The Australian national anthem encourages citizens to “rejoice,” but school officials now accommodate Muslim students who would rather mourn. Parents of students at Cranbourne Carlisle Primary public school were furious when principal Cheryl Irving allowed Muslim students to temporarily exit a school assembly last week during the national anthem. Oct. 13 through Nov. 12 is considered a mourning period over the death of Imam Hussein, the grandson of Muhammad. “Muharram is a Shi’a cultural observation marking the death of Imam Hussein,” Irving said in a statement released Monday, the Herald Sun reported.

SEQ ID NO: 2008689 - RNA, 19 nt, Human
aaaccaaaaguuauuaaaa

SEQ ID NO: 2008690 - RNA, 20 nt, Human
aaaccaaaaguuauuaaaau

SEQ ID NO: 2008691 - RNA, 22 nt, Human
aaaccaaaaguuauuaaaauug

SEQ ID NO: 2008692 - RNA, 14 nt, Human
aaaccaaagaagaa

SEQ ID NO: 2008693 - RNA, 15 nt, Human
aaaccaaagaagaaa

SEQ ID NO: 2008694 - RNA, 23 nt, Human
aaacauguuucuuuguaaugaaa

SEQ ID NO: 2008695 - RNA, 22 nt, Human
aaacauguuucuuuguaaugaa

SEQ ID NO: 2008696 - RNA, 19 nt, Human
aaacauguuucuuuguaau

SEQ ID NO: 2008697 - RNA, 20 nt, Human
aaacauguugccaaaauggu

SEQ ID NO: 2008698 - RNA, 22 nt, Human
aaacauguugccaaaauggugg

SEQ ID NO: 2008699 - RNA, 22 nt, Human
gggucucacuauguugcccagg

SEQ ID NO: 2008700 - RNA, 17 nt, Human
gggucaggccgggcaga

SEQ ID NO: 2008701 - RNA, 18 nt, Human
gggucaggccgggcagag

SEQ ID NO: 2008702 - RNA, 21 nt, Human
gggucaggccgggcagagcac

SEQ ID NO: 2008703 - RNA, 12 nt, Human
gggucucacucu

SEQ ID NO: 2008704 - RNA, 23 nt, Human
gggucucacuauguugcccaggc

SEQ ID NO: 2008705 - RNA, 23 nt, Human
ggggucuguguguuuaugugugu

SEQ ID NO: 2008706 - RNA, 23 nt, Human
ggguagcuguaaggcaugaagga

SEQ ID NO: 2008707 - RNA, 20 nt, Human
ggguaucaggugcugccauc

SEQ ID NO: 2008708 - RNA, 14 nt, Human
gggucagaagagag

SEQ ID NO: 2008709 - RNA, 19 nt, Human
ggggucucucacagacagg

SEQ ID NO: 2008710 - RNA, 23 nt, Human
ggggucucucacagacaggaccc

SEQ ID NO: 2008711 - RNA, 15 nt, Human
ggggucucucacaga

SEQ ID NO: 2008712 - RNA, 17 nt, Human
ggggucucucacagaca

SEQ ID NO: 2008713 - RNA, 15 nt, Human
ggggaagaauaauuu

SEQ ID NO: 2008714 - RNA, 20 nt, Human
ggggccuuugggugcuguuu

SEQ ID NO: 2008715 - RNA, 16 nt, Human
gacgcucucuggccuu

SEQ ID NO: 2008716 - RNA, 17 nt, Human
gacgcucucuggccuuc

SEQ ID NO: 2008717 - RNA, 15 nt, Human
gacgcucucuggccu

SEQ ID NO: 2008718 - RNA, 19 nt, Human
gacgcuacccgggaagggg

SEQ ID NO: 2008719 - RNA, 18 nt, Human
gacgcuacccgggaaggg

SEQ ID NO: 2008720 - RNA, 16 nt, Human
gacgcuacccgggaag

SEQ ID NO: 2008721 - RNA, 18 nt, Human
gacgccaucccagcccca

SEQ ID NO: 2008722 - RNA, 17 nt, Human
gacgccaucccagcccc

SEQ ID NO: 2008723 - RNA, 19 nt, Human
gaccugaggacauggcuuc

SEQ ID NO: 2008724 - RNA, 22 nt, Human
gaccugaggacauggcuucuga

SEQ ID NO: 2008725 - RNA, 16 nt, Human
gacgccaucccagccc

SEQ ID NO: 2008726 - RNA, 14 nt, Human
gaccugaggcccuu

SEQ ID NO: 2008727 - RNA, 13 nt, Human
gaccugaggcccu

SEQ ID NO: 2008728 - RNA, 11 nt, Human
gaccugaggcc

“Two children got up and said, ‘Welcome to our assembly.’ With that, a teacher came forward and said all those who feel it’s against their culture may leave the room. With that, about 30 or 40 children got up and left the room. We sang the national anthem and they all came back in,” Lorraine McCurdy, who has two grandchildren at the school, told local radio station 3AW on Monday. “I saw red. I’m Australian and I felt, ‘You don’t walk out on my national anthem, that’s showing respect to my country.’” Independent Senator for Tasmania Jacqui Lambie concurred, telling the station, “I find these schools that are allowing this to happen disgusting. I don’t think religion needs to be brought into the national anthem. We should all be proud to be Australians and proud to sing the national anthem.” FULL REPORT